'Nation's College Showcase Camp chock full of elite instruction

By Bob Behre

Where else can you go to get hands-on instruction from college baseball coaches and critically important direction on the recruiting process?

Day One of Diamond Nation’s College Elite Showcase Camp for high school players proved to be a gold mine of high-level instruction interspersed with a valuable how-to on making that important college choice.

The 75 or so players received valuable input by coaches from such diversely different schools as Vanderbilt, SUNY Oswego and Rowan College at Gloucester.

Add Maryland, St. John’s, Lafayette, Villanova, Princeton, Richmond, Quinnipiac, Fairleigh Dickinson, Binghamton, Fordham and Stony Brook to that field and the campers were able to experience a well-rounded college experience in a daylong instructional camp.

The long running College Elite Showcase Camp has been fine-tuned over the years under the guidance of Diamond Nation’s baseball director Kevin Cust and recruiting coordinator Steve DiTrolio and just gets better and provides more value to the participants each year.

“The bottom line is we, as coaches, are teachers,” said Vanderbilt pitching coach Scott Brown. “Kevin and Steve have made adjustments to make it more of a growth camp for the players. We wanted to do more teaching and bring our energy to that process.”

Brown spent his time working with the pitchers on the specifics of their position.

“We were trying to give them a normal day for a pitcher, what their cycle will be like,” Brown said, “be it college or high school. We worked with what they do actively and with their movements, their PFP, holding runners on and just improving their overall game.”

The first day of the two-day camp was spent primarily on positional fundamentals and hitting before the group joined up again for the college recruiting seminar led by Princeton University head coach Scott Bradley. Each camper was also timed in the 60-yard dash.

“You need to know your game and your ability,” Bradley told the campers. “We want you to go to a school where you can play.”

Bradley discussed the importance of finding a match that works both academically and athletically. “Make sure you look at the schools and the coaches closely. For example, many Division 3 schools are really good.  And many of the high academic schools, if that’s what you are looking for, have very good programs.”

Maryland pitching coach Corey Muscara said, “Every school has its niche, it’s value. You have to find which one matches your needs. There’s a lot of factors that go into making a college choice and baseball is just one of them.”

Scott Landers has been the head coach at SUNY Oswego seven years and has steered a highly successful program that sits north of Syracuse geographically and is part of the attractive State University system in New York.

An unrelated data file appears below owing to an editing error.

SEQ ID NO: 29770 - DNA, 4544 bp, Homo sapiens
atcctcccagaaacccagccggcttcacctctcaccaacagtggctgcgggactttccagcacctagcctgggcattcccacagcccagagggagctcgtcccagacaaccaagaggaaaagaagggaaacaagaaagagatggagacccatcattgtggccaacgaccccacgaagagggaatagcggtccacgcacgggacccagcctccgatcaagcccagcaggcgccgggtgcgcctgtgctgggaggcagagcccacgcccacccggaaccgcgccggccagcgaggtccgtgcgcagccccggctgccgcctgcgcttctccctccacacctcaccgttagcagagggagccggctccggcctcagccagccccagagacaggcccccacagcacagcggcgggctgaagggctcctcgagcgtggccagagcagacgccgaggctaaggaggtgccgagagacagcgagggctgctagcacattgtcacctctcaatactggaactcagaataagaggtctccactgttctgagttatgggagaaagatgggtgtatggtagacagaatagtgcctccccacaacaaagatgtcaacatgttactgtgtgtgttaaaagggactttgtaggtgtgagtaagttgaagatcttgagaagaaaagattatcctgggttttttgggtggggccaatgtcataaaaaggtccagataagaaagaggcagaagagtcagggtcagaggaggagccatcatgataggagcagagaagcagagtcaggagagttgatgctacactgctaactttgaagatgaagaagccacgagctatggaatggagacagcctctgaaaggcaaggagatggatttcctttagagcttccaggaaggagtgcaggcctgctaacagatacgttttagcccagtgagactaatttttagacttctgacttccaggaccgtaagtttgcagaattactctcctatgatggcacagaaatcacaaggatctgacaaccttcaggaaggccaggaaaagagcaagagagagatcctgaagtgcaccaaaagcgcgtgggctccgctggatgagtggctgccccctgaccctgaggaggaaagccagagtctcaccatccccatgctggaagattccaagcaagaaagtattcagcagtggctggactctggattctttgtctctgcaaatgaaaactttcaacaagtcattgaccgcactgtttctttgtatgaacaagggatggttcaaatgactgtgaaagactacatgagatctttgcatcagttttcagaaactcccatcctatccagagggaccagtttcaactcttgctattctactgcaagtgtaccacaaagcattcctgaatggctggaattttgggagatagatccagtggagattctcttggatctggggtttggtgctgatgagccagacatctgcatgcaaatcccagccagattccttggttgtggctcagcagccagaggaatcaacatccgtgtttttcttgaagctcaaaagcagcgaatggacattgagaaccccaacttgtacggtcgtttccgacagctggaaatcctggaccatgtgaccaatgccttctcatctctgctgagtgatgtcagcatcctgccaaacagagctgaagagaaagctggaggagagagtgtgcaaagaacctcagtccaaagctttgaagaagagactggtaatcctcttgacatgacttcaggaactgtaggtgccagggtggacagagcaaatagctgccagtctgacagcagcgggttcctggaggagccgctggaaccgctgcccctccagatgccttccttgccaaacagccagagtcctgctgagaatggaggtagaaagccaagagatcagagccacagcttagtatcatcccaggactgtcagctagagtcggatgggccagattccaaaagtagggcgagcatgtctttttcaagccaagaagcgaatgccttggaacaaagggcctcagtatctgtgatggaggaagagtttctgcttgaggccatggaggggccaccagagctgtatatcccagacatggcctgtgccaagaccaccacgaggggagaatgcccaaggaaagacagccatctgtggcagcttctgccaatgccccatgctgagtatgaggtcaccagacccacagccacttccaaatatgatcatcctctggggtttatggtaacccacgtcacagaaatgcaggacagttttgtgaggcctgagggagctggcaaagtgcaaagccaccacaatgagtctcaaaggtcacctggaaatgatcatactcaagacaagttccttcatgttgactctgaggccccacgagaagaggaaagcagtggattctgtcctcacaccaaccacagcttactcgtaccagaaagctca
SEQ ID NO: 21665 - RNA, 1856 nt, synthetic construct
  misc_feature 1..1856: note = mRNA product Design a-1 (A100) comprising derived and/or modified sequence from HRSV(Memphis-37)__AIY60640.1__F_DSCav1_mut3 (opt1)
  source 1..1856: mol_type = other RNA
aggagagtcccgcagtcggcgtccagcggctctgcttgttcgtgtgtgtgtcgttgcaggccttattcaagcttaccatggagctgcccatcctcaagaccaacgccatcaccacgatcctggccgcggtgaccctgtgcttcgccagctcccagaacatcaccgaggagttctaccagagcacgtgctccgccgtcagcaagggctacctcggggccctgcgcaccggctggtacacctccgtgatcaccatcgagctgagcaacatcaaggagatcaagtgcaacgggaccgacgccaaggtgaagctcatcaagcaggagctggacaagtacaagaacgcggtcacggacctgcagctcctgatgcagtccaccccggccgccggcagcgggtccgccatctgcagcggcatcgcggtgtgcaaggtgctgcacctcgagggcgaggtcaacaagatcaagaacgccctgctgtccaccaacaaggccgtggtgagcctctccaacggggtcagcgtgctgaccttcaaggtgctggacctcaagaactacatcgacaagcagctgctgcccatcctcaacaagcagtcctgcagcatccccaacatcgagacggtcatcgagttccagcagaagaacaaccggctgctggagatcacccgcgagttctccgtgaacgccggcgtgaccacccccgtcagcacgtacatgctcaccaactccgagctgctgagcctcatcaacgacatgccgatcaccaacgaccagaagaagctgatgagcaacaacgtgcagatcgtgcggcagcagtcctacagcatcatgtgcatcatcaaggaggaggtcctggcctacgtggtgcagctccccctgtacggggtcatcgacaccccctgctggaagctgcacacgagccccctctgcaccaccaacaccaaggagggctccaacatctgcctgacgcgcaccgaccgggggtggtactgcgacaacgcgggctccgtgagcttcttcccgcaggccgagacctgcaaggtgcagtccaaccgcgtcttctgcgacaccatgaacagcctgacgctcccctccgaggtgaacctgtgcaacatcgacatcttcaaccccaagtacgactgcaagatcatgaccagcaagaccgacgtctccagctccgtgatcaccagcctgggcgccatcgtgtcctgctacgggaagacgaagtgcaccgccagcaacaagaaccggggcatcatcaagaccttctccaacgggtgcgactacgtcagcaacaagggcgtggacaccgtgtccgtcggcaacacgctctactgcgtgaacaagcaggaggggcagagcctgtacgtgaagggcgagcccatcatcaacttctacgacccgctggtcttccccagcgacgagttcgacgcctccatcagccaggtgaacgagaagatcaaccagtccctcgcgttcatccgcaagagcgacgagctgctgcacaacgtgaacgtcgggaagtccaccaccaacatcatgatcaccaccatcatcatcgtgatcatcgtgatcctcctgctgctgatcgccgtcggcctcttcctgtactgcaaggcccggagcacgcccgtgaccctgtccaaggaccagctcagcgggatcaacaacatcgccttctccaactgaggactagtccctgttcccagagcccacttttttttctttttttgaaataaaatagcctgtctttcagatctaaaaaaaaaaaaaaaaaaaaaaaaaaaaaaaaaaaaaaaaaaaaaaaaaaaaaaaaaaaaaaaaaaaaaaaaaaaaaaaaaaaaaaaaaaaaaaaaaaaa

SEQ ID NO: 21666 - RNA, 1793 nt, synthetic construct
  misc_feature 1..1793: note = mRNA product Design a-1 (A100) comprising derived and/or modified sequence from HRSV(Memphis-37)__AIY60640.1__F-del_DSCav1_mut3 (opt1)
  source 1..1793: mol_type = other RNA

“We are the second largest Division 3 school among the SUNYs,” said Landers. “We are strong academically and reasonably priced.” In fact, the SUNYs’ out-of-state tuition is highly competition with the New Jersey state colleges’ in-state tuition.

Pat Regan, a first baseman from Montville High, will be a freshman at Oswego this September and the only New Jersey player on Landers’ roster. “Now that we’re successful the out-of-state students will come,” said Landers, who hopes to land more New Jersey recruits.

Rob Valli is the head coach at Rowan College at Gloucester, the former Gloucester County College, and is a former assistant at Temple. “I have the perspective of having experienced those different levels. There are a lot of variables for why students choose our school. Player development is very important to us.” Valli’s team won 50 games in 2018 and remains one of the top JUCO baseball programs in the nation.

The players return at 9 a.m. on Tuesday for Day Two of the College Elite Camp and will begin the day with a defensive showcase. The group will be broken into four teams in the afternoon as the camp concludes with a pair of games at Diamond Nation’s state of the art facility in Flemington.

Bradley, who played nine years in the major leagues as a catcher with, primarily, the Yankees and Mariners, worked with the catchers with Coastal Carolina assistant coach Kevin Schnall. Bradley gave some simple advice for the campers.

“Go watch a college baseball game,” said Bradley. “See what that level is like. There are plenty of great programs right here in New Jersey. Go take a look.”

NOTES: Vanderbilt’s Scott Brown and Oswego’s Scott Landers both pitched collegiately at SUNY Cortland (N.Y.). Brown, a 1999 Cortland grad, was an assistant at St. John’s for nine years before he was hired seven years ago at Vanderbilt. Landers, a 1998 Cortland grad, was an assistant at LeMoyne (N.Y.) for nine years before taking the Oswego head coaching job seven years ago. … St. John’s assistant Josh Ake was one of the camp instructors. Ake is a former Diamond Jack and played scholastically at Hunterdon Central in Flemington.

… Stony Brook assistant Jim Martin threw the group of players and parents a curveball during the seminar, not for a Long Island accent but rather a Boston accent. “I’m from outside of Boston,” said Martin. … Coastal Carolina’s Schnall is a frequent instructor at the College Elite Camp. Coastal, of course, won the College World Series in 2016. Brown experienced the same joy in 2014 when Vanderbilt won the CWS.